In my most recent postings, I sort of took the perspective, that ‘RSA’ is the only form of public key cryptography. But in reality, this is far from true.
As far as the actual public-key methods go, there is also ‘El-Gamal’ and ‘Diffie-Hellman’ in public use, as well as ‘DSA’. The last of those is only useful for signing, not for encrypting. But what that means in practice, requires that people understand another concept in public-key cryptography, which is called ‘hybrid encryption’, which marries one of the public key exchanges with strong, symmetrical encryption. Symmetrical encryption is any scheme where the same key can be used to decrypt, which was used to encrypt. Symmetrical methods in use include ‘AES’ and ‘Blowfish’, and several others.
A concept which exists purely with RSA, is that a sender of a message can use the public key of the recipient to encrypt, so that only the recipient will be able to decrypt, using his own private key.
Well, if we consider SSL-secured Web-sites, we do not see that our Web-browser needs to build any public and private key-pairs. And so according to that, it might be imaginable that the server has a public key to receive data with securely, but it is not obvious how the browser receives data securely from the server. And what actually happens with SSL, is that a pseudo-random key is built essentially by the client, and is then sent to the server securely via RSA. That key is then used by both peers, to send and receive the actual user data via strong, symmetrical encryption. And this idea, of only using public key-exchange to encrypt a strong, symmetrical key once per session, is referred to as hybrid encryption.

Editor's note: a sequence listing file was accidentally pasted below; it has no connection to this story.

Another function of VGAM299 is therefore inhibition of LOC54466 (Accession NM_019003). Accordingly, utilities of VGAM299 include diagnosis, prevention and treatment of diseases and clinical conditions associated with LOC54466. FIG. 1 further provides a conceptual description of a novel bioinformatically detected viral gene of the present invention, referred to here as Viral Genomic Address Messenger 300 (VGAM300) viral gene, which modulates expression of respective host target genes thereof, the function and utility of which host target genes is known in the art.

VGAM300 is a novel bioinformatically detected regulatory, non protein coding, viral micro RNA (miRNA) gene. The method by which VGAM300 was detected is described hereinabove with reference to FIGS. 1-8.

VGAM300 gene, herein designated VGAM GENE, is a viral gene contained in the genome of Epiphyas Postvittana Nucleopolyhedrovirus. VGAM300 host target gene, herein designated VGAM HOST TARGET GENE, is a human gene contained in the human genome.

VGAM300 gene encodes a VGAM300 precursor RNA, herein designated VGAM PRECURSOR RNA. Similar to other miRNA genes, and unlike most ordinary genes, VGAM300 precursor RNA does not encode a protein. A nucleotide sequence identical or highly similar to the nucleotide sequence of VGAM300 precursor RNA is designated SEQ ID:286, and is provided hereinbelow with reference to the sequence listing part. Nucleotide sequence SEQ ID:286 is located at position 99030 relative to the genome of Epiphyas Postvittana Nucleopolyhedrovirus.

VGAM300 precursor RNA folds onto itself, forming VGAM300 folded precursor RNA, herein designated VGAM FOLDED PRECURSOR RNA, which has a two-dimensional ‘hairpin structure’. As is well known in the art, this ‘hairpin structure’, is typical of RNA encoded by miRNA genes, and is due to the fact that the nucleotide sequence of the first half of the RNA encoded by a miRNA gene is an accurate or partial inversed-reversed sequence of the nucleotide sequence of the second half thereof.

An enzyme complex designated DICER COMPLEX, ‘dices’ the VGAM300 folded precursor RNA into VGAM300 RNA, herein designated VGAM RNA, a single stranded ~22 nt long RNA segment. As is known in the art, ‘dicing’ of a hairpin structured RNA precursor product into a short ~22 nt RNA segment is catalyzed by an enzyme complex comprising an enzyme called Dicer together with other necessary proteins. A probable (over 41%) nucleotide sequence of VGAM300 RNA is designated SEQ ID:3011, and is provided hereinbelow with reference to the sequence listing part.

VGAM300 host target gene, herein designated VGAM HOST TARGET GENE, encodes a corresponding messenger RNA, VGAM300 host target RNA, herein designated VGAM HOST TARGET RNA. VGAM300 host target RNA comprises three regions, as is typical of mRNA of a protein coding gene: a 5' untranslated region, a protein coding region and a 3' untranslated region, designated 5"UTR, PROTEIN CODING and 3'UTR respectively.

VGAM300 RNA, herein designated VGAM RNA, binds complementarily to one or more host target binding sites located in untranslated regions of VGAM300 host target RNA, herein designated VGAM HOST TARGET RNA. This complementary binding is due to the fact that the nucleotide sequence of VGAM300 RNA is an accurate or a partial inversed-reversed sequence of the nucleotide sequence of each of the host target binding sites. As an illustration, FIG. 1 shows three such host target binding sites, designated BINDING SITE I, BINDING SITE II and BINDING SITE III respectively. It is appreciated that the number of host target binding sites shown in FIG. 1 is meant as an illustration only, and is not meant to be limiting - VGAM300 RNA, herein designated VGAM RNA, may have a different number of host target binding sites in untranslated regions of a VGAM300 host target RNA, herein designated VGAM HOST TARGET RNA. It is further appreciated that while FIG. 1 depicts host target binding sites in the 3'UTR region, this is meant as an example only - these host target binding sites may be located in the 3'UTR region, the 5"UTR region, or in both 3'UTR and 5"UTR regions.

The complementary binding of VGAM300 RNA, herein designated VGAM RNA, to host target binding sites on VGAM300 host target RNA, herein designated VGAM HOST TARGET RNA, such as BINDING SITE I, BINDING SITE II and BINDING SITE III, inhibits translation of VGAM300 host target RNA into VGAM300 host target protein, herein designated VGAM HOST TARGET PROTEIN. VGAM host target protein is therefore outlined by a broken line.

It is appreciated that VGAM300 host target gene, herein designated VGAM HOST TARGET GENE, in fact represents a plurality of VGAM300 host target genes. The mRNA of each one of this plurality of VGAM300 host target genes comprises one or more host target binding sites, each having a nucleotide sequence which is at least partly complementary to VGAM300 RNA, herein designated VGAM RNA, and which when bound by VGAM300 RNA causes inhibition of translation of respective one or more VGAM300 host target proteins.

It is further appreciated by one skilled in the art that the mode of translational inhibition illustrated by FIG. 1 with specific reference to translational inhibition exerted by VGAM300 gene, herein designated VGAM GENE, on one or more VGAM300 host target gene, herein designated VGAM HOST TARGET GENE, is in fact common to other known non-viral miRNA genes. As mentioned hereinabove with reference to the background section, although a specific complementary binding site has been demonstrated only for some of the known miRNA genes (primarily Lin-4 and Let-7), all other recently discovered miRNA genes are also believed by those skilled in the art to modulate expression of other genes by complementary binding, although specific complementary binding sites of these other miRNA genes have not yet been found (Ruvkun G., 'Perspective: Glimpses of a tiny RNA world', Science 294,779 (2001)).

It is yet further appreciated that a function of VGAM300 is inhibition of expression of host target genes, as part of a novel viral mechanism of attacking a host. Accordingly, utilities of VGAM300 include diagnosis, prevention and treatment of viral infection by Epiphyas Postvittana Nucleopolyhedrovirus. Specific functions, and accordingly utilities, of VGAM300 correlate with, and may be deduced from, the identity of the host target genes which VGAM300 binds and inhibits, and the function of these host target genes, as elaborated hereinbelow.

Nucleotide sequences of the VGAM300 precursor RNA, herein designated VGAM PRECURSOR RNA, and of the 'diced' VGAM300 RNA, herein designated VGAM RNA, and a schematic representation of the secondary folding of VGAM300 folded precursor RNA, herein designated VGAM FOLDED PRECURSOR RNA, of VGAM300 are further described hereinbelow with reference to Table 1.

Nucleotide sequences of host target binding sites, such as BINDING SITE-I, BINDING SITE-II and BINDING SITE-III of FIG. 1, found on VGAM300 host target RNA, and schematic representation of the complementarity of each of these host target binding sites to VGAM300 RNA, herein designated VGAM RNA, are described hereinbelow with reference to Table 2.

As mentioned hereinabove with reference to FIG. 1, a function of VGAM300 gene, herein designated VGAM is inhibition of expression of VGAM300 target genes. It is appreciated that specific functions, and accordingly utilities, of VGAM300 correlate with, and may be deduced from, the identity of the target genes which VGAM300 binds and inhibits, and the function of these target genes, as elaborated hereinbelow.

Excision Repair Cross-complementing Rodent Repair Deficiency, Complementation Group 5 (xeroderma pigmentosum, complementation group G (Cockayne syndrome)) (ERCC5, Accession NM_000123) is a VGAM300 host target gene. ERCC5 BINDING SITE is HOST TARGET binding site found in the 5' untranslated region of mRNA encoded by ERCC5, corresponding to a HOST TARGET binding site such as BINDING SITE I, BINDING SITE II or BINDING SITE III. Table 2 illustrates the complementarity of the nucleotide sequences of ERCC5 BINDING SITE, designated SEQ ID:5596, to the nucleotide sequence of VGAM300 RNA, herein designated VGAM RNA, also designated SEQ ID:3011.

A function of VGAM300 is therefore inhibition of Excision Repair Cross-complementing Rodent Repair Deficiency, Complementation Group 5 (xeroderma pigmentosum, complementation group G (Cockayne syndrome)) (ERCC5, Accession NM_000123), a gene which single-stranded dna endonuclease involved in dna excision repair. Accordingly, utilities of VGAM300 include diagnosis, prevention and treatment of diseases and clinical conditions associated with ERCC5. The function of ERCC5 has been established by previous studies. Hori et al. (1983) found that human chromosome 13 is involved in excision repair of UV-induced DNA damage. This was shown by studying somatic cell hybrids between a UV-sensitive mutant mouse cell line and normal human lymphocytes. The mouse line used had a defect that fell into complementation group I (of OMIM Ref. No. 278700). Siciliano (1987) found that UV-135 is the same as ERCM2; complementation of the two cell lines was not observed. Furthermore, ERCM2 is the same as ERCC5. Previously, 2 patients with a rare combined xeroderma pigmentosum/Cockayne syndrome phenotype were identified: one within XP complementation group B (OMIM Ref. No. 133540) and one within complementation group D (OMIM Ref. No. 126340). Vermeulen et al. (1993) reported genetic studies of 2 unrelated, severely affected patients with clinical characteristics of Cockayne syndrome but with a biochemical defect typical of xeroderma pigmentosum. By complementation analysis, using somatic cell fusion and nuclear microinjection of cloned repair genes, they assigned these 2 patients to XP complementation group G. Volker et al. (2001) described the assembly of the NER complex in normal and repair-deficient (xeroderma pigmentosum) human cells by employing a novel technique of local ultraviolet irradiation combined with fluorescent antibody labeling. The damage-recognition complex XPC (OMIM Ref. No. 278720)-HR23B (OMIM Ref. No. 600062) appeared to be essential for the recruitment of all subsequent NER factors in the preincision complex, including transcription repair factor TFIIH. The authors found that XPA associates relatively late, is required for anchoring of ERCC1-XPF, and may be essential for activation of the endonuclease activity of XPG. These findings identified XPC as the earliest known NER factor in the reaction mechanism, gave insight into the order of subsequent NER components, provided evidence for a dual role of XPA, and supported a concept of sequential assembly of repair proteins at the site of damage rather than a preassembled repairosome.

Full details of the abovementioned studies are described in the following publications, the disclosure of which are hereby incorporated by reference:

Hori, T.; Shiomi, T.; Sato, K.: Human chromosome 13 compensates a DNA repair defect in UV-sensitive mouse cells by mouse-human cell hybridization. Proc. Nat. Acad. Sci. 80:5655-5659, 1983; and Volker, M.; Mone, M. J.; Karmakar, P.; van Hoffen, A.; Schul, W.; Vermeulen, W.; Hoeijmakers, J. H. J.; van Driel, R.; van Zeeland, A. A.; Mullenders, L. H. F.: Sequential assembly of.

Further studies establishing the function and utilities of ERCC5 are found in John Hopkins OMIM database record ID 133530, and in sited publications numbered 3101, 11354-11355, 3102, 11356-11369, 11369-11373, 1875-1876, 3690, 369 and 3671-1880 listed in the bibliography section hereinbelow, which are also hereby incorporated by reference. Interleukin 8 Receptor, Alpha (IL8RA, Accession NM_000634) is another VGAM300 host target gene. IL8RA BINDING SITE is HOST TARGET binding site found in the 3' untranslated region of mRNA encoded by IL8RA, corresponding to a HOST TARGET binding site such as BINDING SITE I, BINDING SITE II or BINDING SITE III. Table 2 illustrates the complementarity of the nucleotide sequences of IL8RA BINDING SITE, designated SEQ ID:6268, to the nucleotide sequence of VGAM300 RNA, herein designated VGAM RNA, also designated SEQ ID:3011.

This also makes sense from the standpoint, that a single public-key, RSA encryption requires much more CPU time, than the repeated use of AES aor Blowfish.
TLS key exchange is based on methods, that more closely resemble Diffie-Hellman than RSA, but again forms a basis of hybrid encryption.
And this is also why SSH, which is also known as ‘Secure Shell Protocol’, only requires that the client have a DSA key. Given that an SSH client uses his public key to authenticate himself, in theory an SSH server can be set to allow RSA authentication, but then all the client must do is to encrypt a piece of data which he cannot control, using his private key, to prove to the server that he is in fact the owner of a stated public key.
Hence, for SSH authentication, DSA works just as well for the client to use.